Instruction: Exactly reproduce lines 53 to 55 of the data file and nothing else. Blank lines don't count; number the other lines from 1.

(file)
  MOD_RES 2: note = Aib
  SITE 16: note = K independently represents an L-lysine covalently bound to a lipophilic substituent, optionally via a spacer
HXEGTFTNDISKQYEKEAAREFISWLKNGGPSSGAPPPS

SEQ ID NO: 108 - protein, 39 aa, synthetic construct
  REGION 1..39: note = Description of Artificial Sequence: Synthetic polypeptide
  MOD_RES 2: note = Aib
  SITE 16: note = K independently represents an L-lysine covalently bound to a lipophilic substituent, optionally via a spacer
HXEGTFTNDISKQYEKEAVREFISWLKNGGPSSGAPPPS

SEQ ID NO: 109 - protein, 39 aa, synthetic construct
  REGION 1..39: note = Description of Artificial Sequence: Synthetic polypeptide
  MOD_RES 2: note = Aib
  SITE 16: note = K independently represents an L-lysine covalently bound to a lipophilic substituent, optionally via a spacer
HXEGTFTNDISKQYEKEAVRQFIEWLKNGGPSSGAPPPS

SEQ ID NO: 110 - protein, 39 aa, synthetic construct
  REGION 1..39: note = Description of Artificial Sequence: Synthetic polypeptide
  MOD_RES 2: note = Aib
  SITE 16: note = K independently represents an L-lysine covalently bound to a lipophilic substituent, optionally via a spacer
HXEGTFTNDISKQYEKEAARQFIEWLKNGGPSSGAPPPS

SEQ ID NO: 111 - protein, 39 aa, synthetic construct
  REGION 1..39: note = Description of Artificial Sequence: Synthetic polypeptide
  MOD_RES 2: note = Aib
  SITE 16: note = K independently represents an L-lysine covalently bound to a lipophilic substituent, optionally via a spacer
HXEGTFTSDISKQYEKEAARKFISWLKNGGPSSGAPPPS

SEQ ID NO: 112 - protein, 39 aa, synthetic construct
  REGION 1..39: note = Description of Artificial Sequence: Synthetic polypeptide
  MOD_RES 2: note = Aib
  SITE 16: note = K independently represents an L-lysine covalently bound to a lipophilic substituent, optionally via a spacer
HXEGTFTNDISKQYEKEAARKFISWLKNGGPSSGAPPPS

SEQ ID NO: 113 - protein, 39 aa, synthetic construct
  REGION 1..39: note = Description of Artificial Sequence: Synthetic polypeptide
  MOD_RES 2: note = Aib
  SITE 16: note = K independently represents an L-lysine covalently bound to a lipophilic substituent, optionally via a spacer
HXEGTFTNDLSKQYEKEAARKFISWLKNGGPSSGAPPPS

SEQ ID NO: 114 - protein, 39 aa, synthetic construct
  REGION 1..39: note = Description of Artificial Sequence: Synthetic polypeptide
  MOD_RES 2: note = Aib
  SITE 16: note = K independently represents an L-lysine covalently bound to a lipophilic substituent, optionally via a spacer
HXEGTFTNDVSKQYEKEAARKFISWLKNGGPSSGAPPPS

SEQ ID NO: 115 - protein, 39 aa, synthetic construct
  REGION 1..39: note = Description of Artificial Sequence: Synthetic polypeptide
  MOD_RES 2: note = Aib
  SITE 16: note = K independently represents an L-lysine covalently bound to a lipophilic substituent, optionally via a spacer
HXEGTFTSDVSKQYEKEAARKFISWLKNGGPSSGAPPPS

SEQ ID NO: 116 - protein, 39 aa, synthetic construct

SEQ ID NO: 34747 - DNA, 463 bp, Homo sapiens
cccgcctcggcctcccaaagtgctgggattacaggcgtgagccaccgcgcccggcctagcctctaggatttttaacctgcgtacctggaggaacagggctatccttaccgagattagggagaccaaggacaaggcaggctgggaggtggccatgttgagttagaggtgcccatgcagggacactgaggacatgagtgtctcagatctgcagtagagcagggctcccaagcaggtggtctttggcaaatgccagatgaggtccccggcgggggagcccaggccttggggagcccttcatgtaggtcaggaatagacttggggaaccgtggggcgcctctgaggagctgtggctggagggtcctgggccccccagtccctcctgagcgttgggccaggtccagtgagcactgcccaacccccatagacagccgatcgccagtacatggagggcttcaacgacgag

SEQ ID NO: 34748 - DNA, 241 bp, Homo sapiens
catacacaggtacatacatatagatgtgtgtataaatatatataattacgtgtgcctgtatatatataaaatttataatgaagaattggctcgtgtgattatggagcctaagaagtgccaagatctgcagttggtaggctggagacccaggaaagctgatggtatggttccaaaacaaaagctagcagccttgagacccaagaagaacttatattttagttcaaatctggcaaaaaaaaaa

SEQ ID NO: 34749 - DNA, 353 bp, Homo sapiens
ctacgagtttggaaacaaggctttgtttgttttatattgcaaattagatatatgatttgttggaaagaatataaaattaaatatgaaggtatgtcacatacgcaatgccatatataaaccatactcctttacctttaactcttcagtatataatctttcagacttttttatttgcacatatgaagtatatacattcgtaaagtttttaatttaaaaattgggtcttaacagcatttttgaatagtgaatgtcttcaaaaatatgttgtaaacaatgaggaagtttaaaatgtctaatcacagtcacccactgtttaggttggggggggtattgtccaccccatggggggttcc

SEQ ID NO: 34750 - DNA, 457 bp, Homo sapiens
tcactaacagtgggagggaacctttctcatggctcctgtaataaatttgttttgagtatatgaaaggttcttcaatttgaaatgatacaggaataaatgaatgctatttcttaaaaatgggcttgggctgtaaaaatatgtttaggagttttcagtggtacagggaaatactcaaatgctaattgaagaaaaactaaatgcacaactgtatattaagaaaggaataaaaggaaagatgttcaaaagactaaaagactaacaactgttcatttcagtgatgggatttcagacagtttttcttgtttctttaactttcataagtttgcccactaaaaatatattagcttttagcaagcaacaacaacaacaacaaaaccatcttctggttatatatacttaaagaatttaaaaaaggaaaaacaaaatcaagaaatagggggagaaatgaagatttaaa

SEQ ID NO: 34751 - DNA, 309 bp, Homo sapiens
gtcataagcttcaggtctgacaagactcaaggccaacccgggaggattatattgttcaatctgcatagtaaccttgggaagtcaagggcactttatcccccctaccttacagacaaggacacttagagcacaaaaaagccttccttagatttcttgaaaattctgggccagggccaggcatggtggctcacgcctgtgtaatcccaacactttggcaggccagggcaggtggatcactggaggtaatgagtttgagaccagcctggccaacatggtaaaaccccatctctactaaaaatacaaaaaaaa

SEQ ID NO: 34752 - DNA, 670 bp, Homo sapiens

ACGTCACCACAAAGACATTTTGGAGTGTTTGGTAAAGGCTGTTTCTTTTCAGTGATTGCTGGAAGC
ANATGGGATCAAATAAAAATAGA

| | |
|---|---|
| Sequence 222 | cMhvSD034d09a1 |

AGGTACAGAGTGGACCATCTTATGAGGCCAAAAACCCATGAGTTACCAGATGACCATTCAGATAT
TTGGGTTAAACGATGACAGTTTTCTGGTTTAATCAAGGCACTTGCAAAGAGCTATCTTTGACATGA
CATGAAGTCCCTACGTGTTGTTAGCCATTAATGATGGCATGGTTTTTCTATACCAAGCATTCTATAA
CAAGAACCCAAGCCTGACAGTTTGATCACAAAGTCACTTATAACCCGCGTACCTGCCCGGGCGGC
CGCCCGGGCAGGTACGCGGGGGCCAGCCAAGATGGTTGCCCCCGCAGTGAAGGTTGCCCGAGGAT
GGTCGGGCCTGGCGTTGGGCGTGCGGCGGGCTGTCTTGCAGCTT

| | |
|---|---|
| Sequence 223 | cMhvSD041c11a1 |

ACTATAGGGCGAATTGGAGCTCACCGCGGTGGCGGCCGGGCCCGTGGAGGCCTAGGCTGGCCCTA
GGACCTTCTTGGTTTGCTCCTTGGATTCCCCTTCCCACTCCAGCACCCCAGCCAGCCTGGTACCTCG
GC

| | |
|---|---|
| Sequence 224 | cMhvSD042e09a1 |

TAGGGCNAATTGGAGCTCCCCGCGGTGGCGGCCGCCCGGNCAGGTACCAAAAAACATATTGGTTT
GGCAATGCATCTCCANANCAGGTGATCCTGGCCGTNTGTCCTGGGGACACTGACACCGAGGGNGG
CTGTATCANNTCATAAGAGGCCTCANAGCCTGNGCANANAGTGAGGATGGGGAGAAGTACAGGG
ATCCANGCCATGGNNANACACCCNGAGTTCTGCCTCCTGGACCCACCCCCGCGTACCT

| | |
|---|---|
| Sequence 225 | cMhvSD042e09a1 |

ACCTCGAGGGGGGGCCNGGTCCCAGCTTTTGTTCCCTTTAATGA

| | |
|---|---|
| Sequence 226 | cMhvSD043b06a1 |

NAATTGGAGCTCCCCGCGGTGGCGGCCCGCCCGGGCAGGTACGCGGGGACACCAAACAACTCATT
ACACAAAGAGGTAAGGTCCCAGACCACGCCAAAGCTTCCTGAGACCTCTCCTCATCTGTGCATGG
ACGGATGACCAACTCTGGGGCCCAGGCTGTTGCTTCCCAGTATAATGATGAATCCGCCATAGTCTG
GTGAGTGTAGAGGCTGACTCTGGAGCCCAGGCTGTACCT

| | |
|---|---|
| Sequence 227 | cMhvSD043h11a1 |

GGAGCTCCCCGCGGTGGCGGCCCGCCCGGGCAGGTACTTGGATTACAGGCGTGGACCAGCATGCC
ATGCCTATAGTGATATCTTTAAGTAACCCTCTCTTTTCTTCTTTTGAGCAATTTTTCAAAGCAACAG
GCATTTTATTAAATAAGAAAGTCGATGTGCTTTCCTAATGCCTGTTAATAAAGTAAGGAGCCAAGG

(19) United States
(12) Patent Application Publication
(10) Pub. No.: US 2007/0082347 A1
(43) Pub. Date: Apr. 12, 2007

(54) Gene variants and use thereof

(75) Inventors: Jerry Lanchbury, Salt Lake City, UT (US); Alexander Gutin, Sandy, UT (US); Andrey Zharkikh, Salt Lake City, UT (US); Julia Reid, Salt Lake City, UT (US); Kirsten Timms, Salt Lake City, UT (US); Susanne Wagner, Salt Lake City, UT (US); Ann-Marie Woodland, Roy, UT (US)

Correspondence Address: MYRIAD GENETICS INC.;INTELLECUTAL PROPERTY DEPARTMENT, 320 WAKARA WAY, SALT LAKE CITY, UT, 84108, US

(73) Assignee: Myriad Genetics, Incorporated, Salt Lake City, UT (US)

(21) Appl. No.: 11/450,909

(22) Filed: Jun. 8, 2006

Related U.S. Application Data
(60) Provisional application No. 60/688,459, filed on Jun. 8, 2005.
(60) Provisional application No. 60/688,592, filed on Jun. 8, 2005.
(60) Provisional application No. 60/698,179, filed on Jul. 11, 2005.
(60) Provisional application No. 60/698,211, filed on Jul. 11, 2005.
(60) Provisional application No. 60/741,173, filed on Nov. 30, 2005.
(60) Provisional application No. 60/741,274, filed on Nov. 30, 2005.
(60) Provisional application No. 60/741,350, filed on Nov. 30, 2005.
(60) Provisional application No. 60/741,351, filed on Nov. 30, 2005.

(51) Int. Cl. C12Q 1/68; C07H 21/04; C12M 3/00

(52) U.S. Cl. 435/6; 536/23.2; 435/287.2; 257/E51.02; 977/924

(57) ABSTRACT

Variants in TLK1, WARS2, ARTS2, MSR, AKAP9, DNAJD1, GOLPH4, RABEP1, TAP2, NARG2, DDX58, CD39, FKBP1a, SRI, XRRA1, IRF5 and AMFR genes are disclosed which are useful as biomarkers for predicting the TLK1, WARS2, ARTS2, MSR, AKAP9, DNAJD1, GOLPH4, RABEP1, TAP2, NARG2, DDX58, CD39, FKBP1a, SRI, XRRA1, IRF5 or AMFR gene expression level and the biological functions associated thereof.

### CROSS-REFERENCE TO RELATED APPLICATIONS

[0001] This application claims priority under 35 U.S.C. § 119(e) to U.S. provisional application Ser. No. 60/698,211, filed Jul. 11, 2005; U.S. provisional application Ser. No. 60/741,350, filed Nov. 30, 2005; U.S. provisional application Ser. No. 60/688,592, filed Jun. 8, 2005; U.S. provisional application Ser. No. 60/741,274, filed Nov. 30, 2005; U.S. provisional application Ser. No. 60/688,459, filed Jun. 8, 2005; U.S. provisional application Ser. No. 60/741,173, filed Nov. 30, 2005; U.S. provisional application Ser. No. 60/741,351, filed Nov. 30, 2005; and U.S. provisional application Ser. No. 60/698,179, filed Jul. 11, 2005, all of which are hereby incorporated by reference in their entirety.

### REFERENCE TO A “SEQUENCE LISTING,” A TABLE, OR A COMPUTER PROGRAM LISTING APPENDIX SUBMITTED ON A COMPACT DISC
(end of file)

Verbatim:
SEQ ID NO: 34751 - DNA, 309 bp, Homo sapiens
gtcataagcttcaggtctgacaagactcaaggccaacccgggaggattatattgttcaatctgcatagtaaccttgggaagtcaagggcactttatcccccctaccttacagacaaggacacttagagcacaaaaaagccttccttagatttcttgaaaattctgggccagggccaggcatggtggctcacgcctgtgtaatcccaacactttggcaggccagggcaggtggatcactggaggtaatgagtttgagaccagcctggccaacatggtaaaaccccatctctactaaaaatacaaaaaaaa

SEQ ID NO: 34752 - DNA, 670 bp, Homo sapiens